Judicial investigation: “Let’s stop kidding ourselves” – Mr Justice Degaetano

Mr Justice Vincent Degaetano, currently serving on the benches of the European Court of Human Rights said that it is a ‘myth’ that in Malta, our legal system ‘…some sort of “judicial investigation” which is functionally independent from the executive (ie: ministerial powers)’ Speaking at an event marking the 70th Anniversary of the universal declaration of Human Rights, Dr Degaetano’s pithy analysis of what constitutes ‘rule of law’ makes for seminal reading.

Let’s stop kidding ourselves

“We have heard in recent months of people awaiting the outcome of this and that magisterial inquiry. In Malta we have nothing comparable to the autonomous and functionally independent judicial investigations on the continent” wrote Dr Degaetano. He emphasised that the inquiring magistrate is functionally dependent on the Executive Police for the conduct of such an inquiry. He said that magistrates not only do not have the time to carry out complicated or complex investigations but they neither have the appropriate specialised training for that, nor independent resources. “So, let’s stop kidding ourselves please.” Entreated the former Chief Justice.

“Malta”, he said, “must be the only country in the civilised world where … before a magistrate can act he must inform the suspect of the report, information or complaint against him and allow him time to give his views on whether an inquiry is to be held… This is beyond bizarre.”

Corruption undermines the rule of law

Listing a number of benchmarks which signpost the elusive definition of ‘rule of law’, Dr Degaetano asked what practical and effective measures are in place to ensure that the Rule of Law is not undermined by corruption and conflict of interest by people in public office or by people administering public services.

“Corruption”, warned the eminent judge, “leads to arbitrariness and abuse of powers, it distorts a nation’s economy, creates unnecessary financial burdens on the citizens (particularly the most vulnerable), and can in due course lead to such general dissatisfaction that law and order will break down – which is exactly what the Universal Declaration of Human Rights seeks to avoid.”

The Judiciary must be free of pressure and manipulation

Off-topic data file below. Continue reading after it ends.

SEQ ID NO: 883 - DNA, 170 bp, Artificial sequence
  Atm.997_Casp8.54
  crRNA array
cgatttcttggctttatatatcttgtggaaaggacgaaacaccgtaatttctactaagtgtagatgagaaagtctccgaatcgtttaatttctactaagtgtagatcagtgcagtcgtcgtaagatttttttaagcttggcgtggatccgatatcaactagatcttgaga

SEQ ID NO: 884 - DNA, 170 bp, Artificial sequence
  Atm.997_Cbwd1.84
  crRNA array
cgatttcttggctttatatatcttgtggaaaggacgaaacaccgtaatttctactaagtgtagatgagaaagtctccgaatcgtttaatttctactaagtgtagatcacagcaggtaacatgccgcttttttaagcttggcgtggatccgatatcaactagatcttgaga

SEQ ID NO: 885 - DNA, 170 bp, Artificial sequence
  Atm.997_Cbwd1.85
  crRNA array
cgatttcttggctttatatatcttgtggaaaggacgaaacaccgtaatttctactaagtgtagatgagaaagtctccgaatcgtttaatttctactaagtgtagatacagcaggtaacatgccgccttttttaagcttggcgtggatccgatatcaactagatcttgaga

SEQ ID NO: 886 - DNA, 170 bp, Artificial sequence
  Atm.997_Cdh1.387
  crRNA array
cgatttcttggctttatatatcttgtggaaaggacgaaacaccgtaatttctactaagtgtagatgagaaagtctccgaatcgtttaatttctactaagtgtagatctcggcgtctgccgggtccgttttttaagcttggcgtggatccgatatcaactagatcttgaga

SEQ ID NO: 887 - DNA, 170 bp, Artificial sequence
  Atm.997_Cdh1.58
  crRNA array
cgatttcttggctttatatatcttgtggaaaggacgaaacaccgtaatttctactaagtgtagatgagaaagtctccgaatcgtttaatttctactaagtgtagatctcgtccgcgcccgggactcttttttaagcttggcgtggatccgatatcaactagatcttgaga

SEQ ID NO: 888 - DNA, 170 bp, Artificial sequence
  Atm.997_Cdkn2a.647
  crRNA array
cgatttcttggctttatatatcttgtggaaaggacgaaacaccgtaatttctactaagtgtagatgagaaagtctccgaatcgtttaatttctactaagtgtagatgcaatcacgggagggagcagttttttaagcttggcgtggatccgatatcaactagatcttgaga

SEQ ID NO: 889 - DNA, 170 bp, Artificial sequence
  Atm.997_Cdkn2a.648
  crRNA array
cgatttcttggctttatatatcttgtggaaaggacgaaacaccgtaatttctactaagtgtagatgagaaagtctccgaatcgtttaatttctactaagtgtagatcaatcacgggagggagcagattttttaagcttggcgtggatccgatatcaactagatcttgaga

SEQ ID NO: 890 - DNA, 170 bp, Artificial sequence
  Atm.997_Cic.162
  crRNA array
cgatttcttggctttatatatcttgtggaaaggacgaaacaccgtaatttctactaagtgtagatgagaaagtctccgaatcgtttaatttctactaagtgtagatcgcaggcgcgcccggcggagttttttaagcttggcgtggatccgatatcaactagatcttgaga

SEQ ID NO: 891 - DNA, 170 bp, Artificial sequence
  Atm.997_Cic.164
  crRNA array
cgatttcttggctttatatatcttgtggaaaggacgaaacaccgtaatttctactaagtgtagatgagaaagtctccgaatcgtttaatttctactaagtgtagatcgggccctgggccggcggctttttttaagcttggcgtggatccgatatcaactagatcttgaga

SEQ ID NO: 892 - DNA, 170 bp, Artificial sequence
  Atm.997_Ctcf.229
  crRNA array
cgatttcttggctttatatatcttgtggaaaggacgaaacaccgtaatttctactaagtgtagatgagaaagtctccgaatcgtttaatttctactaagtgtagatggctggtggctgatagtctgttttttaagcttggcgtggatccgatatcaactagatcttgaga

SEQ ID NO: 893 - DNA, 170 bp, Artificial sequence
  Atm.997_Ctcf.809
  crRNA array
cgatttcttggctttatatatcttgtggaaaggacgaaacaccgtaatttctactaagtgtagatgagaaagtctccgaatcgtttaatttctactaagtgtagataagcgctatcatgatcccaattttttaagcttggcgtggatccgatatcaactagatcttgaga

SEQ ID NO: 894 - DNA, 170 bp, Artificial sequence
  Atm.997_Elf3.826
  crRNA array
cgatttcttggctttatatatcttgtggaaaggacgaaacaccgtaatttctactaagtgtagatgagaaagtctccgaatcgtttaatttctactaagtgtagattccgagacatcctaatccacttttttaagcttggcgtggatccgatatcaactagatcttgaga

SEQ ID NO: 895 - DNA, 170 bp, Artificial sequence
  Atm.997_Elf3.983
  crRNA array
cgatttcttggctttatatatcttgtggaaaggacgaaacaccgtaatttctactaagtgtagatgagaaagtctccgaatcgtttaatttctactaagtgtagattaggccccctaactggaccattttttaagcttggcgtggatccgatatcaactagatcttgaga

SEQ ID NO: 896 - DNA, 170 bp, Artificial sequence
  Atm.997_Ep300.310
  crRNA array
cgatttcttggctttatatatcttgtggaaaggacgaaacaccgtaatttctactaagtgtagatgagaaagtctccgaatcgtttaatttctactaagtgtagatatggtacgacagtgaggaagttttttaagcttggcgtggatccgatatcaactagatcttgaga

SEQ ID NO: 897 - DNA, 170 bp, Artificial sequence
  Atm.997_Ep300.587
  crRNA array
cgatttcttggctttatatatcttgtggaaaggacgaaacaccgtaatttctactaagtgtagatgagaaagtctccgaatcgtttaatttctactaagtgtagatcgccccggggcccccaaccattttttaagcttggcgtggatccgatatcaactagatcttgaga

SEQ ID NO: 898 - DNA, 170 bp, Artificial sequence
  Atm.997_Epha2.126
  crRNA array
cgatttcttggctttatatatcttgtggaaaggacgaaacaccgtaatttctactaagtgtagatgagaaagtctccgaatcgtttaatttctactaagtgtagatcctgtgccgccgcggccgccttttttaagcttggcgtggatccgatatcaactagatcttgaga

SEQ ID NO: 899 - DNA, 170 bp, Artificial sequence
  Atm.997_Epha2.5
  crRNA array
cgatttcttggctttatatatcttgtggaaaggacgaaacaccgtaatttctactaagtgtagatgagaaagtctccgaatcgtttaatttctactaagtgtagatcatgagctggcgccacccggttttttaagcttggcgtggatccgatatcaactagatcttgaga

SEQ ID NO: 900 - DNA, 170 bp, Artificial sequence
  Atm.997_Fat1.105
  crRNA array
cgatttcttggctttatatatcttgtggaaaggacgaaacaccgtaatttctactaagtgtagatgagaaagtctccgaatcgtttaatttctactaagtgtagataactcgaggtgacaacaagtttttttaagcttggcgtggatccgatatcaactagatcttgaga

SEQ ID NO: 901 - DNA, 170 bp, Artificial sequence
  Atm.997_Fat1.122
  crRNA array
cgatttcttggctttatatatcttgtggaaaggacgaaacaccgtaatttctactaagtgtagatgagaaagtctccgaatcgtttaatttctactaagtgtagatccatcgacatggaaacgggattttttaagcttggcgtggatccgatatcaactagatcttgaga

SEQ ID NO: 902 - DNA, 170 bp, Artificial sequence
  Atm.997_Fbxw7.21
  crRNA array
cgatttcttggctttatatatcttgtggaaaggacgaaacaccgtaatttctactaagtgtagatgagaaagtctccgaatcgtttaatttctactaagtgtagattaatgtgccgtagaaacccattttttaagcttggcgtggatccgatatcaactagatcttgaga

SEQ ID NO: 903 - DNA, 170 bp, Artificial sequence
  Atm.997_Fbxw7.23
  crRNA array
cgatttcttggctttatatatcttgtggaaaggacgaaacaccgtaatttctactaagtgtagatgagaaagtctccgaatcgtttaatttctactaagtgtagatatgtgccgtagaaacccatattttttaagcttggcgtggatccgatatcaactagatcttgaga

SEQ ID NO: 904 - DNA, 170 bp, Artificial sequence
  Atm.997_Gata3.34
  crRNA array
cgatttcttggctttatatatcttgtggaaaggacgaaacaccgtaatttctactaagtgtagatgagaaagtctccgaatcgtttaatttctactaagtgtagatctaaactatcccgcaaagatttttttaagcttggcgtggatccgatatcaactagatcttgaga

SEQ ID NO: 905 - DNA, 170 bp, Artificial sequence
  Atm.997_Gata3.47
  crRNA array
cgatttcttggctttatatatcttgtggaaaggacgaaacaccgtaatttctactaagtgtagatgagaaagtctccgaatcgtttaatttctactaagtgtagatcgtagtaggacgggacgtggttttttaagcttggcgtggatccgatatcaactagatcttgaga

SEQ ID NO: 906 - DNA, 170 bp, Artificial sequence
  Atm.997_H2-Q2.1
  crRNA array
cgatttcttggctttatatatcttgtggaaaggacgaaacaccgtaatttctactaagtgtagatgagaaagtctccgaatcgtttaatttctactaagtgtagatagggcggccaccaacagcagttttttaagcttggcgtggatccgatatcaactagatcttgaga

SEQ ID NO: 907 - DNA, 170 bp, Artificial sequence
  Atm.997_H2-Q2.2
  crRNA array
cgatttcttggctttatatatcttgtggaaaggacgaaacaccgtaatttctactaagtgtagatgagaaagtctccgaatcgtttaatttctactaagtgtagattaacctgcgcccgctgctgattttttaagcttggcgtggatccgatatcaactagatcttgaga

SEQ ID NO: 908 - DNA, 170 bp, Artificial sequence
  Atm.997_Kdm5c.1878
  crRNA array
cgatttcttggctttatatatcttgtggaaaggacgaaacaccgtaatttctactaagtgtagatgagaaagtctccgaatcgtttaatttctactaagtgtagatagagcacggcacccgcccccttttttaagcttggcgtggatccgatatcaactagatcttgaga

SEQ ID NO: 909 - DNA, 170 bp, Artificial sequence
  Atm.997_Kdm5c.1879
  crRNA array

Speaking about access to justice, Dr Degaetano queried if there are sufficient constitutional and other guarantees of judicial independence. Independence, he said, means that the judiciary is free from both external and internal (i.e. within the judicial system itself) pressure, and that judges are not subject to political influence or manipulation, in particular, but not exclusively, by the executive branch, that is, ministers. This requirement is an integral part of the fundamental democratic principle of the separation of powers.

Are we happy with paper tigers?

Another benchmark for a healthy rule of law is a structure preventing abuse or misuse of powers. Dr Degaetano asked if there are effective safeguards – judicial, legal, administrative or mixed – against arbitrariness and abuse of power by public authorities. On paper things may look grand, he warned, with commissions and committees to administer this or that part or of the public powers or to act as regulators, or to enquire into abuses. But, what resources do these bodies have to fall back upon. Homing in onto the Permanent Commission against Corruption, Dr Degaetano  said that “on paper the Commission looks grand – it can even investigate on its own motion or initiative, that is without the necessity of a report being filed by anyone. It is trite knowledge, however, that its powers are limited but, more crucially, that it has no resources whatsoever in terms of administrative or investigative manpower… are the two main political parties really interested in having a meaningful and independent instrument in the fight against corruption or are they content with paper tigers?”

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